Parsia's Den

Because no one wants to be the other guy from Wham!

Feb 2, 2016 - 7 minute read - Comments - Migration to Hugo Not Security

From Octopress to Hugo

In my previous post I talked about why I moved from Octopress to Hugo. You can also see the last archive of my Octopress blog (previously a private repo on Bitbucket) on github and this is the new site. If I had wanted to use an already existing Hugo theme, it would have not taken more than a few hours.

In this post I am going to talk about how I managed the migration and any interesting things that I encountered in the process. I will also introduce the Hugo-Octopress theme (you are looking at it), which is the classic Octopress theme ported to Hugo. If you like what you see, please go ahead and use it. If there are any issues please use the Github issue tracker or contact me another way. I will try my best to fix them but please remember that I am not a developer and do not know much about css :).

Jan 31, 2016 - 5 minute read - Comments - Migration to Hugo Not Security

Why Hugo?

As you may have noticed (well no one reads this so I am fine), I have moved from Octopress to Hugo. I have been trying to make this change for a while but due to laziness and some other matters it did not happen. I am going to talk about why I decided on the move and what I did. In then ext post I will talk about my migration from Octopress to Hugo.

Nov 14, 2015 - 23 minute read - Comments - Reverse Engineering

Intro to .NET Remoting for Hackers

This is a simple tutorial about .NET Remoting. I am going to re-create a very simple RCE and local privilege escalation that I encountered in my projects and use it to explain .NET Remoting and simple debugging in dnSpy.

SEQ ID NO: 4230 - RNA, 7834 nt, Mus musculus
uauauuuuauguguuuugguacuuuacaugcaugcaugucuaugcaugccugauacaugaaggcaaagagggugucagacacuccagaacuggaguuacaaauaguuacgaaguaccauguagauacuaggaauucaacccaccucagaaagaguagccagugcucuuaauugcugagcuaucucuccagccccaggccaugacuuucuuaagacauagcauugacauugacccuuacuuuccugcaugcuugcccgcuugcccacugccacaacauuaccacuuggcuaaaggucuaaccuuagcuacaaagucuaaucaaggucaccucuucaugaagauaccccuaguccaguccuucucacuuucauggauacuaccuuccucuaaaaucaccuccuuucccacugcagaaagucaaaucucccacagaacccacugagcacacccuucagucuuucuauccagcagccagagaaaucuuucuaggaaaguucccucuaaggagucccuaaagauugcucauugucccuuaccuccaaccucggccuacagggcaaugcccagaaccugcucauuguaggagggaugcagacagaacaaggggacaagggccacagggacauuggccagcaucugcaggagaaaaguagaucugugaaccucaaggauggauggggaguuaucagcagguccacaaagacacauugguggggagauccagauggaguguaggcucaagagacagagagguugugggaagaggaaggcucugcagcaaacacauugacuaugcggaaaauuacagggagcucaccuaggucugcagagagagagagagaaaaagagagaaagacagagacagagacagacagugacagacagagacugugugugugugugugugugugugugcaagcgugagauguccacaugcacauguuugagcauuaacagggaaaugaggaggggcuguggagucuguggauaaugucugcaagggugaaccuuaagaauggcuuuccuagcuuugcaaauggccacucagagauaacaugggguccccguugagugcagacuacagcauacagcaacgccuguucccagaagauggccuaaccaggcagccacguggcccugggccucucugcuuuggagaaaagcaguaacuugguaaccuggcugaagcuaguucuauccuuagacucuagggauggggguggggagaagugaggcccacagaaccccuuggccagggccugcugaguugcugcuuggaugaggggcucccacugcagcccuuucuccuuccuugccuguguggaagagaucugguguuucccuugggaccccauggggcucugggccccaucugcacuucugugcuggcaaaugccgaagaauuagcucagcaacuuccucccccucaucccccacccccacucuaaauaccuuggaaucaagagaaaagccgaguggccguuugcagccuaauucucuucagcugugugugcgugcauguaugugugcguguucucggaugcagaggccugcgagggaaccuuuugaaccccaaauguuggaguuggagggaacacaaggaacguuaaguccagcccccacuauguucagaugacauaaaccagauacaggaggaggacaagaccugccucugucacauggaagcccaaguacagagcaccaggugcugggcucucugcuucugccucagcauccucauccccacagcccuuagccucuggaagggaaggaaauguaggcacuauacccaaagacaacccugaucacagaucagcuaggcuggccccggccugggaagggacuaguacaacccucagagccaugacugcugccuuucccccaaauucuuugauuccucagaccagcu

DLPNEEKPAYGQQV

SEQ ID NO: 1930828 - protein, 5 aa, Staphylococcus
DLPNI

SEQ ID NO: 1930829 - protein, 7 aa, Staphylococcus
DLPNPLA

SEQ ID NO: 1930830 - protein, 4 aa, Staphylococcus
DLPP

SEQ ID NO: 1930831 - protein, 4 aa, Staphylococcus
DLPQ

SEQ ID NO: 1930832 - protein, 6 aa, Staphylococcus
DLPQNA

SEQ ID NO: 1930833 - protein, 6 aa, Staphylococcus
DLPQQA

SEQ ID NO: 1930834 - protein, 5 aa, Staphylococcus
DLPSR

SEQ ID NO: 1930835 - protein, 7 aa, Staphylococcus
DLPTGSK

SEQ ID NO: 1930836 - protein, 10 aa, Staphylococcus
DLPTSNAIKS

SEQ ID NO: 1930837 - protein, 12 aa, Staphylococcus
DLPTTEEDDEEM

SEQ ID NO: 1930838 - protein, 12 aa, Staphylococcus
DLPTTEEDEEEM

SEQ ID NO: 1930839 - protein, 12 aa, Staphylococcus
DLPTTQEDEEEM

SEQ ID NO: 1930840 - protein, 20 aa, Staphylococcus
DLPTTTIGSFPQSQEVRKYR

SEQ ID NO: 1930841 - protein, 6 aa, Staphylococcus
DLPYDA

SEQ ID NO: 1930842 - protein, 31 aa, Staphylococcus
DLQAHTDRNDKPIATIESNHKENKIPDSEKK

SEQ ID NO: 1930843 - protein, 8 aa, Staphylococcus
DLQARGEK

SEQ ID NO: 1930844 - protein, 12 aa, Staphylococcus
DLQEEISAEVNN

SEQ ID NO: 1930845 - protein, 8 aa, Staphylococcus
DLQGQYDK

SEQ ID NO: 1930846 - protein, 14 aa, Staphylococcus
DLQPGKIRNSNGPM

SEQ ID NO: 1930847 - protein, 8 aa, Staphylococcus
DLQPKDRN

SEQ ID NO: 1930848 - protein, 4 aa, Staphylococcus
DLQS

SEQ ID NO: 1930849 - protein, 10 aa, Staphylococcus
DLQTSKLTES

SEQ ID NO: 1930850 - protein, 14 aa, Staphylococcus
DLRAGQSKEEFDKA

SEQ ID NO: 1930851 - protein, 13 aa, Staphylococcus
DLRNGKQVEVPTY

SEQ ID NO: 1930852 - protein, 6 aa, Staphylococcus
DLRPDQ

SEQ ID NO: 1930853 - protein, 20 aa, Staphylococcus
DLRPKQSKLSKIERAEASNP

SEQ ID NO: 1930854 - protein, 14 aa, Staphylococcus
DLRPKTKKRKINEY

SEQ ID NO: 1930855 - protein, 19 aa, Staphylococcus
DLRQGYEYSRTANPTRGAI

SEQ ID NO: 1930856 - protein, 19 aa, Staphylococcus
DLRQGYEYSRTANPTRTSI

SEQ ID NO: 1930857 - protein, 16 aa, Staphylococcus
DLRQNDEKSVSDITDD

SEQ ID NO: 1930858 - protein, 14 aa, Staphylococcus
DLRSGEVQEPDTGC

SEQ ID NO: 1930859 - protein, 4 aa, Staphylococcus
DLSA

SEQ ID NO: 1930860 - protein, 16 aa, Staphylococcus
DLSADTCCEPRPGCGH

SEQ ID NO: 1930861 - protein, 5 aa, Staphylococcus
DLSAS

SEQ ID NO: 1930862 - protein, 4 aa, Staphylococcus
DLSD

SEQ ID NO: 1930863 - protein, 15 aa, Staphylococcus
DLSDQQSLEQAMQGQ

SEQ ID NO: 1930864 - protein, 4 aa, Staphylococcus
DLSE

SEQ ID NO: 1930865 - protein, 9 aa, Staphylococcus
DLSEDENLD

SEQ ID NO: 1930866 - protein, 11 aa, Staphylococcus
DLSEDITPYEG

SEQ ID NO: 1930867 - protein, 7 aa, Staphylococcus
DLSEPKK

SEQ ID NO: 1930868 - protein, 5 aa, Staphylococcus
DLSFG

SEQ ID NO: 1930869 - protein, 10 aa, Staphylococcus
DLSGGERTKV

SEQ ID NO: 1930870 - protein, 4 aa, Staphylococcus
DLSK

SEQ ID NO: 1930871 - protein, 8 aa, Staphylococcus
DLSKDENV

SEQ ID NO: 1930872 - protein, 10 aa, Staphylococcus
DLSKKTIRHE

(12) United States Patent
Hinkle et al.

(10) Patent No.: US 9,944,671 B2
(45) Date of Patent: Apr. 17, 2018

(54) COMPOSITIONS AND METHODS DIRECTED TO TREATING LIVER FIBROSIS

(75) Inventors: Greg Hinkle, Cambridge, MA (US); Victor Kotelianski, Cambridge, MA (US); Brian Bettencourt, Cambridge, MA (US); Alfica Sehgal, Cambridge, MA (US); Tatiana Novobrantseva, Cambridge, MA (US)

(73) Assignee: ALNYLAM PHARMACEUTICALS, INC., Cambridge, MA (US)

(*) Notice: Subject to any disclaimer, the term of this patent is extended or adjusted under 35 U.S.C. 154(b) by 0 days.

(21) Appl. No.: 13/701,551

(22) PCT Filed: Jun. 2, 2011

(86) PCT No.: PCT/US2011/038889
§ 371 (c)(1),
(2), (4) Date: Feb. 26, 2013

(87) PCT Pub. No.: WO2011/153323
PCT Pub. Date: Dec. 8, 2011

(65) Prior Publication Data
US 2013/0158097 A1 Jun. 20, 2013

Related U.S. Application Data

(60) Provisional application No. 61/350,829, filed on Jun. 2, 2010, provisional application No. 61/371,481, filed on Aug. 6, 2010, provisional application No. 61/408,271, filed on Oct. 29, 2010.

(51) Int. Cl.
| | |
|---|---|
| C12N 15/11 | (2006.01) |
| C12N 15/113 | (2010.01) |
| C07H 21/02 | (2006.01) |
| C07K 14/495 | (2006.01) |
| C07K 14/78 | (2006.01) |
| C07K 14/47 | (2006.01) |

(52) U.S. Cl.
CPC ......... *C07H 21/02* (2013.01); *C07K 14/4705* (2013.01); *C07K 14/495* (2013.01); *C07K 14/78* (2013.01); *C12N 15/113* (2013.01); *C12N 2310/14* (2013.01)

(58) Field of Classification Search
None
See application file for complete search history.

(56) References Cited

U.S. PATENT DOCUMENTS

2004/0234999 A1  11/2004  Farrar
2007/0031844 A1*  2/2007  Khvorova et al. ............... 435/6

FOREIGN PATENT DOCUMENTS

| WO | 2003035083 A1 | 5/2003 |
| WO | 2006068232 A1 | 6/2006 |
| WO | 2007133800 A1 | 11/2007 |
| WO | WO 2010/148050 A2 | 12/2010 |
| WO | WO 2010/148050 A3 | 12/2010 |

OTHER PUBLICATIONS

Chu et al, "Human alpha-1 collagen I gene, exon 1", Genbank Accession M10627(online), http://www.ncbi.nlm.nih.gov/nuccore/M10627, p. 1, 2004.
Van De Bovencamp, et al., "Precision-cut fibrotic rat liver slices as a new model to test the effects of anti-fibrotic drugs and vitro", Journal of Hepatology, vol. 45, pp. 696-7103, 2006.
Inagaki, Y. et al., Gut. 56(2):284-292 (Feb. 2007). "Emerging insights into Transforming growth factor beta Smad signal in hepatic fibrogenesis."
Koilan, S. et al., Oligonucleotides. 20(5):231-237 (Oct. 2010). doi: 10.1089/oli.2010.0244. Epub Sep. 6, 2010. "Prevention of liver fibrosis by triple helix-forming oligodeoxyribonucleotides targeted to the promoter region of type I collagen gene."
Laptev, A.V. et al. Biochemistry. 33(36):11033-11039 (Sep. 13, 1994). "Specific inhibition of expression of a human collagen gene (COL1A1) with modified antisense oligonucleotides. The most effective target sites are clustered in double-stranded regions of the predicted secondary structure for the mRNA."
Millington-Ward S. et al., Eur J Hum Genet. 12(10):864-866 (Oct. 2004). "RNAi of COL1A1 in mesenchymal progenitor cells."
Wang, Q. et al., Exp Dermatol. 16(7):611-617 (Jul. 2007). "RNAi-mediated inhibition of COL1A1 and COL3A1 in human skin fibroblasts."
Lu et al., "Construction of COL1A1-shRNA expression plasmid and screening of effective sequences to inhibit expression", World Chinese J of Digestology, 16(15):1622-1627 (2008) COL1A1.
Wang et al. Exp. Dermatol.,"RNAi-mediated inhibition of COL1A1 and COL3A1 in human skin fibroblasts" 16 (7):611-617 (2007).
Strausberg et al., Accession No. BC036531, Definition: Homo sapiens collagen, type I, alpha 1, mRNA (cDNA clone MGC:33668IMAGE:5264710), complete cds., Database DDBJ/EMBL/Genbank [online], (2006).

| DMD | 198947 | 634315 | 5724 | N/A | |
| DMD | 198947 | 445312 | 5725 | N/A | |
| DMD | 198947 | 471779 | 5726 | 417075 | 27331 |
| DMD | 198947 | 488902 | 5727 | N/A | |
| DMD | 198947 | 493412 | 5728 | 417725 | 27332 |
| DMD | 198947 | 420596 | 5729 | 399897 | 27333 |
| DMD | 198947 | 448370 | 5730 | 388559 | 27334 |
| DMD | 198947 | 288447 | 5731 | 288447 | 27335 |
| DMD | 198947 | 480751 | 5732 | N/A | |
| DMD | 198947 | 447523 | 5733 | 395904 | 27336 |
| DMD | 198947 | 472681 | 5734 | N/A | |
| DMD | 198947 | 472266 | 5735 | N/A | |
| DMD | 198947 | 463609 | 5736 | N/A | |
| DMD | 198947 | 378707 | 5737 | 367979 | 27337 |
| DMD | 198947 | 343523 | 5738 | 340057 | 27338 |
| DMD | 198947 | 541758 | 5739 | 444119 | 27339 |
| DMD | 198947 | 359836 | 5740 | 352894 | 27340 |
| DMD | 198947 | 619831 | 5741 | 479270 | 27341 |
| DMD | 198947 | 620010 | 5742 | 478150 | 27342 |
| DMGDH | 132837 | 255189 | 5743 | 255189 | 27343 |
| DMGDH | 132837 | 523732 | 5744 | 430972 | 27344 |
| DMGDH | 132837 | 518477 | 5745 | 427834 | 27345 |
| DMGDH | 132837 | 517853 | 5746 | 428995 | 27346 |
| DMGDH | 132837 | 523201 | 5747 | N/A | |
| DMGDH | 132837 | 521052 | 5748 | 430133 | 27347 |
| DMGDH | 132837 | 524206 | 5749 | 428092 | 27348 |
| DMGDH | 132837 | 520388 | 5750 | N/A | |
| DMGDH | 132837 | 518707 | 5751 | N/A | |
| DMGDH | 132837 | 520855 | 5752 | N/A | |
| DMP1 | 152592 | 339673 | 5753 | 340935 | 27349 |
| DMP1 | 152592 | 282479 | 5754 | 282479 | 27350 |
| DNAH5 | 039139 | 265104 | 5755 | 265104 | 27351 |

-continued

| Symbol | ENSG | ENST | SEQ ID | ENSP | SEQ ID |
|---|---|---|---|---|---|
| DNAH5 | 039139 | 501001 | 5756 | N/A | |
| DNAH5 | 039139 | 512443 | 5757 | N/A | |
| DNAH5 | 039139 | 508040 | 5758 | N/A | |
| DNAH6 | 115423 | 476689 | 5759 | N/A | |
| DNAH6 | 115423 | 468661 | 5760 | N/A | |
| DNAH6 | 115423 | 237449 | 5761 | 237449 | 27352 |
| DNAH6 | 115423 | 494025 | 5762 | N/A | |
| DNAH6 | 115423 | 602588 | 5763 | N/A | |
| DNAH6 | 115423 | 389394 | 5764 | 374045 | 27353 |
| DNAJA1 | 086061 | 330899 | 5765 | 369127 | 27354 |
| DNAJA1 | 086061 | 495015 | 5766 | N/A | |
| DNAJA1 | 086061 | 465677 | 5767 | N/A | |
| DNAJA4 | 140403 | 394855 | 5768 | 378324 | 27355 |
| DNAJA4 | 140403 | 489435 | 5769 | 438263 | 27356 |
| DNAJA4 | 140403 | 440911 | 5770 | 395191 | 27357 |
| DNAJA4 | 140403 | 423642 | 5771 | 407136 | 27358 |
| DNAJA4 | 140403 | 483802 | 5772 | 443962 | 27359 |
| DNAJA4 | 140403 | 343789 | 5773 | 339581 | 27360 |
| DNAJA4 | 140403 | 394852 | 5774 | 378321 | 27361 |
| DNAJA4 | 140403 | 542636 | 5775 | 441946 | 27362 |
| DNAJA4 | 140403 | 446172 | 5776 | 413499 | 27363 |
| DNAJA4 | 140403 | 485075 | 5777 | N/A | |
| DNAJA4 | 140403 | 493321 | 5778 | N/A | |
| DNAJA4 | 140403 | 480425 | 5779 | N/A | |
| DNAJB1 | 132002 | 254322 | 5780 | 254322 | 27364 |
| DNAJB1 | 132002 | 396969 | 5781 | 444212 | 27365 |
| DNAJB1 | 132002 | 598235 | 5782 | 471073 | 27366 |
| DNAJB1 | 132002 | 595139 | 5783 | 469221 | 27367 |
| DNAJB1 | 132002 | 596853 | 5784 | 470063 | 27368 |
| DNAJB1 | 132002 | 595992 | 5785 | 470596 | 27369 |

In this post we will:

  1. Do a brief introduction to .NET Remoting
  2. Develop a simple .NET Remoting client and a vulnerable server in Visual Studio
  3. Observe .NET Remoting traffic
  4. See .NET Remoting in action by doing some basic debugging with dnSpy
  5. Re-create the vulnerable application
  6. Use dnSpy to patch and create modified .NET modules to exploit our sample vulnerable server

If you know of any applications that use .NET Remoting please let me know. I want to look at them.

Code is at:

Oct 19, 2015 - 20 minute read - Comments - Thick Client Proxying Hipchat

Proxying Hipchat Part 3: SSL Added and Removed Here :^)

Finally we are at part 3 of proxying Hipchat. This has been quite the adventure. In part1 we identified the endpoints. In part2 we answered the question “So you think you can use Burp” with yes and proxied some of Hipchat’s traffic with Burp.

In this part we will talk about developing our own proxy in Python to view Hipchat’s traffic to/form (our example Hipchat server). First we are going to discuss how proxies work and we will get over Burp breaking our heart by creating our own proxy in Python to observe and dump the traffic in plaintext.

Related (crappy) code is at now in my clone at:

For a similar effort (although with a much more complex proxy in erlang) look at

Oct 9, 2015 - 7 minute read - Comments - Thick Client Proxying Hipchat

Proxying Hipchat Part 2: So You Think You Can Use Burp?

In part1 I talked about identifying Hipchat endpoints and promised to discuss proxying the application. In this post I will show how to proxy some of Hipchat’s traffic using Burp.

This is specific to Hipchat client for Windows. The current version at the time of writing was is 2.2.1361. Atlassian is skipping version 3 and version 4 still in beta.